By enforcing or adopting a unilateral approach, i.e. clamping the cars of errant drivers, even if we can scare them in the short term, the problem would persist when these drivers react in a negative way (you can let your imaginations run wild what these people can do to give the security department a bigger headache than forcing them to pay RM20).

But be that as it may, I told them the root of the matter lies in the government's policy on vehicle usage as the biggest culprit to the vehicular congestion problem in this country. That there is no regulation at all regarding the ownership of vehicles. Anybody with enough deposit and a statement to verify their monthly income can buy as many cars as they want, be it 2, 3, 4 or even 10. You can  kowtim with the banks to let you pay longer installments even though your income statement can't verify you can afford to own one.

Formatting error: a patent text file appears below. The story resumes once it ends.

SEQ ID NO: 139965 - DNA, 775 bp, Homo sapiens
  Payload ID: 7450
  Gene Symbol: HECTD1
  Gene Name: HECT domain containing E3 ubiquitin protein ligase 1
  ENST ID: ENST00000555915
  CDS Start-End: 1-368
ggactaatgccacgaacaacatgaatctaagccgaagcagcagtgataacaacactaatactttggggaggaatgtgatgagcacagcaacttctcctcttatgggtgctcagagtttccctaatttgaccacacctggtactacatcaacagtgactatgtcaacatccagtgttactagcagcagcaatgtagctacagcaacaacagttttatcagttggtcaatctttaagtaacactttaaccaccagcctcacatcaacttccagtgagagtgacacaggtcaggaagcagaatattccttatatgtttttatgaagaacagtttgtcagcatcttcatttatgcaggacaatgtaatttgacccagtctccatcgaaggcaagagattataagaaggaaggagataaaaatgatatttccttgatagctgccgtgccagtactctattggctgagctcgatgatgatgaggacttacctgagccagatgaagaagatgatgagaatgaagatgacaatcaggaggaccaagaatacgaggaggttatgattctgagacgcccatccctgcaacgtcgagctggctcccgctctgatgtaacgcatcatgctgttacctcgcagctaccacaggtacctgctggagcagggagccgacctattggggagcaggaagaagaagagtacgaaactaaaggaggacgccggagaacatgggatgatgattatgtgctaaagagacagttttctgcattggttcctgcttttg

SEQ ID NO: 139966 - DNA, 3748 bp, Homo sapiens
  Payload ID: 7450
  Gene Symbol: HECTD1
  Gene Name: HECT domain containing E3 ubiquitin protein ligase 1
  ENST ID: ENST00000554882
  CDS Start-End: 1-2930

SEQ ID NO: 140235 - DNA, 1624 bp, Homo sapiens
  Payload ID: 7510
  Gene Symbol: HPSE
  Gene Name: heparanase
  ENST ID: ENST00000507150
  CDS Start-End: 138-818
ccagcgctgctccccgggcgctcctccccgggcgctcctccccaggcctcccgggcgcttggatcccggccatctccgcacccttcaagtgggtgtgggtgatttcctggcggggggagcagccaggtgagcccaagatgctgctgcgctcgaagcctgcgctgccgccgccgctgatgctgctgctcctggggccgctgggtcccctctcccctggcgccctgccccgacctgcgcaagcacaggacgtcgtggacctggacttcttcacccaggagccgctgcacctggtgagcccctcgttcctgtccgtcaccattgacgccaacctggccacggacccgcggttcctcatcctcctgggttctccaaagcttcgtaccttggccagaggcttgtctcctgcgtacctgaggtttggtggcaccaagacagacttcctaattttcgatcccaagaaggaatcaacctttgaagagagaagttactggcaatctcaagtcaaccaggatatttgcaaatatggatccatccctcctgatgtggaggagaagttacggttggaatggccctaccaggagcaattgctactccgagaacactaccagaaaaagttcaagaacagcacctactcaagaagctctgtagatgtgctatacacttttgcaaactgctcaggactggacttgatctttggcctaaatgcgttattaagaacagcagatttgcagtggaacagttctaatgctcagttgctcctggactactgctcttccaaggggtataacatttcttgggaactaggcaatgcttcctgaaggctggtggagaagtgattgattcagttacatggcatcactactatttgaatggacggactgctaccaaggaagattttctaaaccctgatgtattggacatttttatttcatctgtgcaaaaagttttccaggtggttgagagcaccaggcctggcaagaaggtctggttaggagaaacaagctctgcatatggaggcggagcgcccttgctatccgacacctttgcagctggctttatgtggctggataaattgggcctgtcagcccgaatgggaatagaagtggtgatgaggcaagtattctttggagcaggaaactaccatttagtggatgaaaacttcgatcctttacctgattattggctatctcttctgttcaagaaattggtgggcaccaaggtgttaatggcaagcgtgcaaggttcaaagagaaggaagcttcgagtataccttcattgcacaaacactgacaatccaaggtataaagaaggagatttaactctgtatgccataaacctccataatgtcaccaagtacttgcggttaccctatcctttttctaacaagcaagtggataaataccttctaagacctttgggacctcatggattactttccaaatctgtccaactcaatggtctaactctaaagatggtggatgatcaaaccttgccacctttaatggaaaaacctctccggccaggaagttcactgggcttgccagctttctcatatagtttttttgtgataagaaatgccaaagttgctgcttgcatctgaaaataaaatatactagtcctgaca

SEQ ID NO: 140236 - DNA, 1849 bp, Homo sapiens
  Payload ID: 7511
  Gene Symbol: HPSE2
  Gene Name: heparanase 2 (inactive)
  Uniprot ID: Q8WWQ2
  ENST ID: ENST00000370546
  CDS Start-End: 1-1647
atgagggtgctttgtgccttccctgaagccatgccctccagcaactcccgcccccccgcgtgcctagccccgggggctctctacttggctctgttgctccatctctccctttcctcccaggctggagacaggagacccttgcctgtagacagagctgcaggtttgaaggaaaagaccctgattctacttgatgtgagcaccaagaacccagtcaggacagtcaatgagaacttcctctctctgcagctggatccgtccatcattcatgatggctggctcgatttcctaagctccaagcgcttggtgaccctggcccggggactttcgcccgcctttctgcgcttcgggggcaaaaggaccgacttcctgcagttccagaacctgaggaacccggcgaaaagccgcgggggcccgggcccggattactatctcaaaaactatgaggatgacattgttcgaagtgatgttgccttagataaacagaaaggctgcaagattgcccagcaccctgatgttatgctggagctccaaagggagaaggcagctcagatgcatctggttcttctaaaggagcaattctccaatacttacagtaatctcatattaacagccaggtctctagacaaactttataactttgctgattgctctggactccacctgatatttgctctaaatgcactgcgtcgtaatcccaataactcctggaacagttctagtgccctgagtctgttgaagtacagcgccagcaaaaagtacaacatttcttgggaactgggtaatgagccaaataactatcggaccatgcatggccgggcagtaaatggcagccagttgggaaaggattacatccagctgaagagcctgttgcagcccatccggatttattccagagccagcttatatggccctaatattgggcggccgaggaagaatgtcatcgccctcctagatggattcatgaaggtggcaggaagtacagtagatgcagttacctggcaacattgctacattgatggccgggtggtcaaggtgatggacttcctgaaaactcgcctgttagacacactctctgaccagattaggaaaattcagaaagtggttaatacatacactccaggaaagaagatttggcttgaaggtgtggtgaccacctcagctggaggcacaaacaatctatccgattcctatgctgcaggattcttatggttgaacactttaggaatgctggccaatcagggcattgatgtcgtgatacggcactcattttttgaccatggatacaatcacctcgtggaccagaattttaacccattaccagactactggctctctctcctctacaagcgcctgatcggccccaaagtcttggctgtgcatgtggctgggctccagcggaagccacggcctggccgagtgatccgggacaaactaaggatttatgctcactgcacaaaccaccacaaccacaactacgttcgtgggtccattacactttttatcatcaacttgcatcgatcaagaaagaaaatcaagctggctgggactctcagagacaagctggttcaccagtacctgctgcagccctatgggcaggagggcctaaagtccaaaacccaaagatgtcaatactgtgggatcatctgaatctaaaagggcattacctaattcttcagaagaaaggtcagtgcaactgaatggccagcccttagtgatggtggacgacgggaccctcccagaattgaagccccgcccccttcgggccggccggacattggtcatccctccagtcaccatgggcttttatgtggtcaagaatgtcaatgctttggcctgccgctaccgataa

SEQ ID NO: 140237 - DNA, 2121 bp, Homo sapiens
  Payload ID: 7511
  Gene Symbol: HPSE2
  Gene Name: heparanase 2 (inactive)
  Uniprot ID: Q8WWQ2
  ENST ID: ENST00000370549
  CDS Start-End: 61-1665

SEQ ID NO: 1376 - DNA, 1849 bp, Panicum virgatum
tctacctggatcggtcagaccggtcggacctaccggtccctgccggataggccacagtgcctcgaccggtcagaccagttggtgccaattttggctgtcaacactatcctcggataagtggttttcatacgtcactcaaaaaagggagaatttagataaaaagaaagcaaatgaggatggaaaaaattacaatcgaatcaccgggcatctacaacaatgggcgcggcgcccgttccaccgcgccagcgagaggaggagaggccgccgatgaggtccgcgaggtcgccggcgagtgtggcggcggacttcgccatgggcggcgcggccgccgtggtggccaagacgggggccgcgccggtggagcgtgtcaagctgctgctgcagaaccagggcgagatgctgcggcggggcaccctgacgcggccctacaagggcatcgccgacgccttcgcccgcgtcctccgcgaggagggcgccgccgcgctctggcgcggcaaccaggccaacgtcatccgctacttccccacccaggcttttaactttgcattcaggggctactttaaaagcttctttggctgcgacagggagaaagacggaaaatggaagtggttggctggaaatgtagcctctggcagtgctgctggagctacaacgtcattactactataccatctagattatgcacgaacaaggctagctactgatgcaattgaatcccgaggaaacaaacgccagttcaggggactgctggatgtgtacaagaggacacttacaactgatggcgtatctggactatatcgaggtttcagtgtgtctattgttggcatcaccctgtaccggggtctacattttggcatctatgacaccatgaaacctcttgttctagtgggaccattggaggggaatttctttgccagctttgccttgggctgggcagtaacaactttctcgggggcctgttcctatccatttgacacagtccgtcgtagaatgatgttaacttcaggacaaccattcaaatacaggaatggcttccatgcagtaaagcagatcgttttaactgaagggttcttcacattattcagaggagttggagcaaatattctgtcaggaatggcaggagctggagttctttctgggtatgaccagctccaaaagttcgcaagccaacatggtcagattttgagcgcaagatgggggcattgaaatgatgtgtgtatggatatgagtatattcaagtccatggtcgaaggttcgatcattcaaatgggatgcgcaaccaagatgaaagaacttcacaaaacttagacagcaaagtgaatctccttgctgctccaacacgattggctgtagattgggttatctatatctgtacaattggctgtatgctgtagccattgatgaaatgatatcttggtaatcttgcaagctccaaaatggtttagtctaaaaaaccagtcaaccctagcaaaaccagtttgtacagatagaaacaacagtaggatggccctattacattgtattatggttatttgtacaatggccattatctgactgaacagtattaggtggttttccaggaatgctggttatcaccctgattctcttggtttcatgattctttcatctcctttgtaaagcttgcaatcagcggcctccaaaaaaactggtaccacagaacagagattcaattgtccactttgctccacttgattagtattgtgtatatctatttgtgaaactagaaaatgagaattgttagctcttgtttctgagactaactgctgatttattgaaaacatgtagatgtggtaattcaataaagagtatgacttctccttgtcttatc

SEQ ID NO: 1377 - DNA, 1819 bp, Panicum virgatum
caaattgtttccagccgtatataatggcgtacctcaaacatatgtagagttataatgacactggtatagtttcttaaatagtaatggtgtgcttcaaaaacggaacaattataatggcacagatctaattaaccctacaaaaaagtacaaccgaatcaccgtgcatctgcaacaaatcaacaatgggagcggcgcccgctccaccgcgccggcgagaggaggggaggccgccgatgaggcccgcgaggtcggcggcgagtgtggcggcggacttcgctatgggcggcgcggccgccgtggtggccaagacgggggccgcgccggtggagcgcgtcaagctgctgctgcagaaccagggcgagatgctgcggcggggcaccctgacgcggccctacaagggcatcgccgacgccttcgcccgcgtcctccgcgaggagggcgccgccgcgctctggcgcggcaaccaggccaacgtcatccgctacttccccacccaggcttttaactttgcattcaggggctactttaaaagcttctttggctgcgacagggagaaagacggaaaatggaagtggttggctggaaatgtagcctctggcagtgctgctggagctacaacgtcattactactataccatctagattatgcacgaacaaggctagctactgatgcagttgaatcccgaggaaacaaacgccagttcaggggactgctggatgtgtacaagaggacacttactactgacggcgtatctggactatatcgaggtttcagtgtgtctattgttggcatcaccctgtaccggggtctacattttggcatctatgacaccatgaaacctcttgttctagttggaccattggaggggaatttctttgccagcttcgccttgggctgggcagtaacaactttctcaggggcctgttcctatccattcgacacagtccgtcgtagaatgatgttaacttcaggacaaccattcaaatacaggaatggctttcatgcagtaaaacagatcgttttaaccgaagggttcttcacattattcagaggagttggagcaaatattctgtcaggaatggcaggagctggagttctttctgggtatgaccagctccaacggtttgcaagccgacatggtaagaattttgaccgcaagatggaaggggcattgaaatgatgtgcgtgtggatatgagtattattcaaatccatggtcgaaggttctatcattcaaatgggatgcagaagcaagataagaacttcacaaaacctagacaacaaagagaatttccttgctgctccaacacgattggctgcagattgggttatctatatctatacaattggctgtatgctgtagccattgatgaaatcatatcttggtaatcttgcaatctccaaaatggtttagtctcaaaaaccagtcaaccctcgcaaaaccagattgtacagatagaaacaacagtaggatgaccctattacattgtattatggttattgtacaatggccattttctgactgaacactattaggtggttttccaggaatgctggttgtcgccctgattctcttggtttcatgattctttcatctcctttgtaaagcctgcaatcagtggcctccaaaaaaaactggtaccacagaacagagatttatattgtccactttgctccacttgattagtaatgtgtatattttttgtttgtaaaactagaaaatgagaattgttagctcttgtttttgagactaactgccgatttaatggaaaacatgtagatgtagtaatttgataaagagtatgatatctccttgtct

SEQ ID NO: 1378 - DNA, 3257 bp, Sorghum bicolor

One household can even have as many 4 to 5 cars park in front of their house, even though they live in flats and apartments. And all these, no thanks to the liberal policy that the government has adopted as far as the ownership of vehicles are concern.

Just compare the number of vehicles that crawl our roads with the development of new roads and worst still, parking lots available? Isn't it simply unjustified?

Some people would want to argue that it all lies within the person (or driver) to adopt a self-disciplined way in approaching these matters about parking...bla..bla..bla...! But you tell me, if everybody comes to work early in the morning and there are still no place to park, would you still blame the errant driver who parks his car indiscriminately?